10 What Attributes Make Me Who I Am? Consider these factors: your mobility how you communicate with others how you eat how you complete your ADLs miscellaneous

11 Some ways to manage Cerebral Palsy in college? Physical Therapy- Teach PAs how to stretch you. Speech Therapy- Check to see availability if beneficial. Counseling and Behavioral Therapy- Check for availability. Drugs-. Dont start anything new or change treatment right before coming to campus. Surgery, Braces and other Orthotic Devices- Dont do anything new within 2 months of heading to college. Mechanical Aids- If youre getting something new, try to get it ordered sooner than later. Communication Aids- Identify now and see if you can gain access before arriving on campus to work out the bugs.

12 Increasing Independence… What You Can Do Right Now! Step 1: Where can you take on more responsibility? –Activities of Daily Living: Establishing a schedule (when to get up, go to bed, washroom, eating…) Providing feedback/describing needs to staff (are you comfortable, do you need to be repositioned, are your clothes bunched??? –Current care givers explain to student how things are done (personal care) so that the student can explain to future personal care assistants easier.

13 Increasing Independence… What You Can Do Right Now! Step 1: Where can you take on more responsibility for self? –If family members are the only caregivers, begin transitioning and hiring others to provide care (or pretend that they are not your parents and teach them how to care for you) –Decrease the amount of time an aide is with the student 1:1 throughout the day in school or how they assist you each day (messing with supplies, coats… what could you see asking others to help you with?)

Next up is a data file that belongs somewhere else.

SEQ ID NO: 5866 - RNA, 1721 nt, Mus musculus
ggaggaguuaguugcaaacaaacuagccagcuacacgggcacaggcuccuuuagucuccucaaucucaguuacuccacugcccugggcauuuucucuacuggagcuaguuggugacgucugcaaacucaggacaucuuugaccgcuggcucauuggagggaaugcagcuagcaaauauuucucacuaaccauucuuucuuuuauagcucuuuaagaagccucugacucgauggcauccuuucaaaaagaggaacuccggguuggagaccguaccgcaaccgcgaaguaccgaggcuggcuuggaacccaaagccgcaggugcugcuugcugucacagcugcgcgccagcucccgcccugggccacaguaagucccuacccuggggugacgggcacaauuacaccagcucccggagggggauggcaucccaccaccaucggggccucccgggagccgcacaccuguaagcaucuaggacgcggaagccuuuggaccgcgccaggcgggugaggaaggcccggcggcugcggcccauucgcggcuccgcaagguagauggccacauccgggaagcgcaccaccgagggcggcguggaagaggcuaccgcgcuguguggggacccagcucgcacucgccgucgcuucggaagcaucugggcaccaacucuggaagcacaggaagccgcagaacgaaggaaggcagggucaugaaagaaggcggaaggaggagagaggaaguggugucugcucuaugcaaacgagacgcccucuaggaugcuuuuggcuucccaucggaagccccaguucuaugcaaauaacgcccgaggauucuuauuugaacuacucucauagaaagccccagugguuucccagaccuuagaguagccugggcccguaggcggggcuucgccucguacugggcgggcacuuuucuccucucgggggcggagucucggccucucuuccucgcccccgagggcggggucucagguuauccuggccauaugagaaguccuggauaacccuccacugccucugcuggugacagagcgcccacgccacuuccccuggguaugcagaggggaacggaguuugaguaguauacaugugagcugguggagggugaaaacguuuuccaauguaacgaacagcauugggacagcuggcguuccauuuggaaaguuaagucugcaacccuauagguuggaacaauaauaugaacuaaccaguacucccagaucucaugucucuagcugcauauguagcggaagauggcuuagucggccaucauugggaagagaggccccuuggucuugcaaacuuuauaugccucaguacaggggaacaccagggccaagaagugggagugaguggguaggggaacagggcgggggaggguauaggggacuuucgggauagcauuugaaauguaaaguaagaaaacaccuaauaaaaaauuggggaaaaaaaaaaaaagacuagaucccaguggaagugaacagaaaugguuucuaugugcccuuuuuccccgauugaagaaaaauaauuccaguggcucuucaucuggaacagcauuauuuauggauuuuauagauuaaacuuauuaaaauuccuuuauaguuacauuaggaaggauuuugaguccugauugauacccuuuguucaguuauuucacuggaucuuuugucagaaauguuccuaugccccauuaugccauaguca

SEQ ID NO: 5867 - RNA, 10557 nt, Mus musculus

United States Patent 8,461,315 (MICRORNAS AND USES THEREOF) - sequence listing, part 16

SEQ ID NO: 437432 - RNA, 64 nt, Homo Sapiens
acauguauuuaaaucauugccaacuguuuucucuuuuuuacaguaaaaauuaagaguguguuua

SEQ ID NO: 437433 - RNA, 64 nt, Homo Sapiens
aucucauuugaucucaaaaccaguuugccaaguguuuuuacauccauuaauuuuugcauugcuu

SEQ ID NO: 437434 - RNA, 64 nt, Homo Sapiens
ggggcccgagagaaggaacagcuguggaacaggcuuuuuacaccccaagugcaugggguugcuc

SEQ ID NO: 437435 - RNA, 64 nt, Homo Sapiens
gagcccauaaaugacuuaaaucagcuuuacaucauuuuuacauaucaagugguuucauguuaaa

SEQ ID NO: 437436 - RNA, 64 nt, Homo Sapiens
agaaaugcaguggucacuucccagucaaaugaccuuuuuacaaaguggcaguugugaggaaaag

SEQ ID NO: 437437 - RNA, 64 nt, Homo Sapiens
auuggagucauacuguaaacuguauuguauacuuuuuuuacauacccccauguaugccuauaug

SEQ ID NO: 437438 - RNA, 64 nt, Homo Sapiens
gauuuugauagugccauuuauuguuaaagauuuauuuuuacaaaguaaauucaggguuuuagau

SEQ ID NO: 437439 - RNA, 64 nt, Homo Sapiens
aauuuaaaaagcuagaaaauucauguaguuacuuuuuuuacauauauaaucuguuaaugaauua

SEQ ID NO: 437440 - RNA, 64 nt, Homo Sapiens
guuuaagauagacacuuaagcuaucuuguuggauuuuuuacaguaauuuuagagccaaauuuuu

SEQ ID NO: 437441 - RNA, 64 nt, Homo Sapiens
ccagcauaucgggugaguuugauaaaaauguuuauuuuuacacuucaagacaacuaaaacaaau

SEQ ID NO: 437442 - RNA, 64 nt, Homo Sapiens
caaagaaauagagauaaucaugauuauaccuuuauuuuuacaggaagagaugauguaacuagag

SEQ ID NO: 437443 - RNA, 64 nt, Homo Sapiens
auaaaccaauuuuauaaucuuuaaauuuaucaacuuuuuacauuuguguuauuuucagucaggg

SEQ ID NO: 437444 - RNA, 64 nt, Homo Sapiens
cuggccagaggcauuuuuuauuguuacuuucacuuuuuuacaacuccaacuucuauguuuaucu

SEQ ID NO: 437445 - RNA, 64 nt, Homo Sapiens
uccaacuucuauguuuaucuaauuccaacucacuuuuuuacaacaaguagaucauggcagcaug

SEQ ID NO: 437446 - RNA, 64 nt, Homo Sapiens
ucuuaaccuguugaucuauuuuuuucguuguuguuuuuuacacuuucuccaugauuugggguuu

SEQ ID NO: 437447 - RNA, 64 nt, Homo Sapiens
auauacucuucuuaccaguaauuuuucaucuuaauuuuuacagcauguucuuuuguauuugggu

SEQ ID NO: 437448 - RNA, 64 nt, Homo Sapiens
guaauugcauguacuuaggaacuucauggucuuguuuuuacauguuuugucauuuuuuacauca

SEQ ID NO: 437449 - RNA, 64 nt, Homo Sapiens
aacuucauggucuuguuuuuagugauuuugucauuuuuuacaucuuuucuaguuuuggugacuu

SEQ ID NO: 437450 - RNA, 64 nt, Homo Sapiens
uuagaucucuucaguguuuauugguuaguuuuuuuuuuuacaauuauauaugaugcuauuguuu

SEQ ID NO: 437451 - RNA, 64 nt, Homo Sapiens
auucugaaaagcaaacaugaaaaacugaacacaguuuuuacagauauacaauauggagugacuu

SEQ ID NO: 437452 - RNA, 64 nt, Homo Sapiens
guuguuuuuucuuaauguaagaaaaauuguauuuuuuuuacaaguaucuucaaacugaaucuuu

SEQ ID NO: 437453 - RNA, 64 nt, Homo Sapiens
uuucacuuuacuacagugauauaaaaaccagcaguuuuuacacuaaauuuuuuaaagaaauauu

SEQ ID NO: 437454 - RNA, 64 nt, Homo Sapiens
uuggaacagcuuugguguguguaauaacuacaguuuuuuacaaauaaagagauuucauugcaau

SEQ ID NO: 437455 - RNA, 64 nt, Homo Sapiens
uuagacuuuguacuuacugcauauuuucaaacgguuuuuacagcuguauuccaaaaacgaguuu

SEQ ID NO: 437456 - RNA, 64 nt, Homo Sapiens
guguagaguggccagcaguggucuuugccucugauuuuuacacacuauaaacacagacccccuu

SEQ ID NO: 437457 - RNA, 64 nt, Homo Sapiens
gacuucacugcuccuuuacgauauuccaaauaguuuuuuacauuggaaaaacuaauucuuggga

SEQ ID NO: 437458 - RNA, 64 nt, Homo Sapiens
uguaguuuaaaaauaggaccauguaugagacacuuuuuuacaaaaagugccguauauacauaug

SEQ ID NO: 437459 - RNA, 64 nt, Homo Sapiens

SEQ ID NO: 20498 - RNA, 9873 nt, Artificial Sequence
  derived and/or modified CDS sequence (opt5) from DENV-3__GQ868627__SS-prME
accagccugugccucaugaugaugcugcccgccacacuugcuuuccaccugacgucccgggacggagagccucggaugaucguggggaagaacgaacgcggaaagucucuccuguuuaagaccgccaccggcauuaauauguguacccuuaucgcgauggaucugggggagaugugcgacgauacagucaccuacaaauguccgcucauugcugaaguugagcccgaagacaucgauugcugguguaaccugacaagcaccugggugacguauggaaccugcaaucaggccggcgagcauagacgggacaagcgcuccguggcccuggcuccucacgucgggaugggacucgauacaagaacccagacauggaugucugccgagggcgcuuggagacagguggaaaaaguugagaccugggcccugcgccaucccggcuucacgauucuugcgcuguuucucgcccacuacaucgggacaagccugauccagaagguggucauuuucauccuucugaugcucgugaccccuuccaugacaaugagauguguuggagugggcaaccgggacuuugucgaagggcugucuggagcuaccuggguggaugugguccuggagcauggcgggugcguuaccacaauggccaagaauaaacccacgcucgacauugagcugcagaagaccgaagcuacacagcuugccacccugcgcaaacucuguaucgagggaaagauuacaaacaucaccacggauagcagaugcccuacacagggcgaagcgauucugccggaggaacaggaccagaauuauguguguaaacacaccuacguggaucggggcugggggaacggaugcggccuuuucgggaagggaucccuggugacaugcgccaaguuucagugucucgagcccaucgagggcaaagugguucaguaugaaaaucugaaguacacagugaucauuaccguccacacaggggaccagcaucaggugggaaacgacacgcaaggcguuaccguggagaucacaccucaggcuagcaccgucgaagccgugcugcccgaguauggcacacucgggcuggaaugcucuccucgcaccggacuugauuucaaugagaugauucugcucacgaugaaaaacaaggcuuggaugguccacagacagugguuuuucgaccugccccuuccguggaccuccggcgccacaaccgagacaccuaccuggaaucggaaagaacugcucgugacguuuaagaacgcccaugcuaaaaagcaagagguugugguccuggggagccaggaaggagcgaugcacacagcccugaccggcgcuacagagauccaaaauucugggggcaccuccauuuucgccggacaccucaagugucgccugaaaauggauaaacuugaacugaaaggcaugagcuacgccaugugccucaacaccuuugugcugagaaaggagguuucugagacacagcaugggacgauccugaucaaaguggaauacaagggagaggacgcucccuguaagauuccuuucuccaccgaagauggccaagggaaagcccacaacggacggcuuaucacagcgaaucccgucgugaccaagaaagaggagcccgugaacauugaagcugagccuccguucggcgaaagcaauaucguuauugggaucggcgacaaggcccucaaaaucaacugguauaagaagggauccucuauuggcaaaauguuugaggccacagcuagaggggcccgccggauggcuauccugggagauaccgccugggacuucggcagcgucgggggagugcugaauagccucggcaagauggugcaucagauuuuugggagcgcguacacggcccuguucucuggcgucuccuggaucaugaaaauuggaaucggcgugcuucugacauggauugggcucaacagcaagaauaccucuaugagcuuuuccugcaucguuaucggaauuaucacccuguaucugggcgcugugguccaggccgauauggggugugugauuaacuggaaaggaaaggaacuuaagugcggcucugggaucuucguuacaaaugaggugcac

14 Barriers Transitional Success self-advocacyspeak up for yourself personal safety cell phone, learn street smarts disability managementPAs, stretching, w/c maintenance, meds executive skillsable to manage finances, social situations health and wellnessgets enough rest, proper nutrition work experiencevolunteers, or gets involved in a club

15 Topics of other modules Module 2: Decisions, Decisions, Decisions: Making the Best Choices –Learn about GOLDEN Gather Information Outline Possible Choices Look into the Possible Outcomes and Consequences Decide Evaluate the Outcome to Plan for Next Time –Homework: Think of scenarios that may be problematic and use the method taught to work through them.

16 Topics of other modules Module 3: PA Management How to effectively communicate my needs while hiring and training new PAs. Adjusting to having to be flexible with PA staff and scheduling. -- Homework: Create Me Book everything that someone else needs to know about me (allergies, medications, see sample…)

17 Topics of other modules Module 4: Self-Advocacy, and the Next Step Advocating for myself to make sure my needs were met academically and personally. Develop time management strategies to encompass academics, extra-curricular activities and socializing. Develop stress management strategies to deal with transition and other stressful situations. -- Homework: Practice skills in being more assertive, and advocating for yourself. Write down your extra-curricular interests and research if there is 1 or more clubs on campus in that area. Think about how you deal with stress now.

18 Conclusion The purpose of this module was to provide learning experiences that assist students in understanding more about their disability and the importance of managing all aspects of it. Gain a better understanding of your abilities and areas where youll need assistance. Develop a basic understanding of what the other modules will be. Begin initial discussion of what you can do now to ease the transition over the next several months.

19 From Halloween, to blizzards, camaraderie and beyond… College Daze… Youll Never Forget Them

Download ppt "High School Mentoring Module 1.0 Where Do We Begin???"

Similar presentations

Ads by Google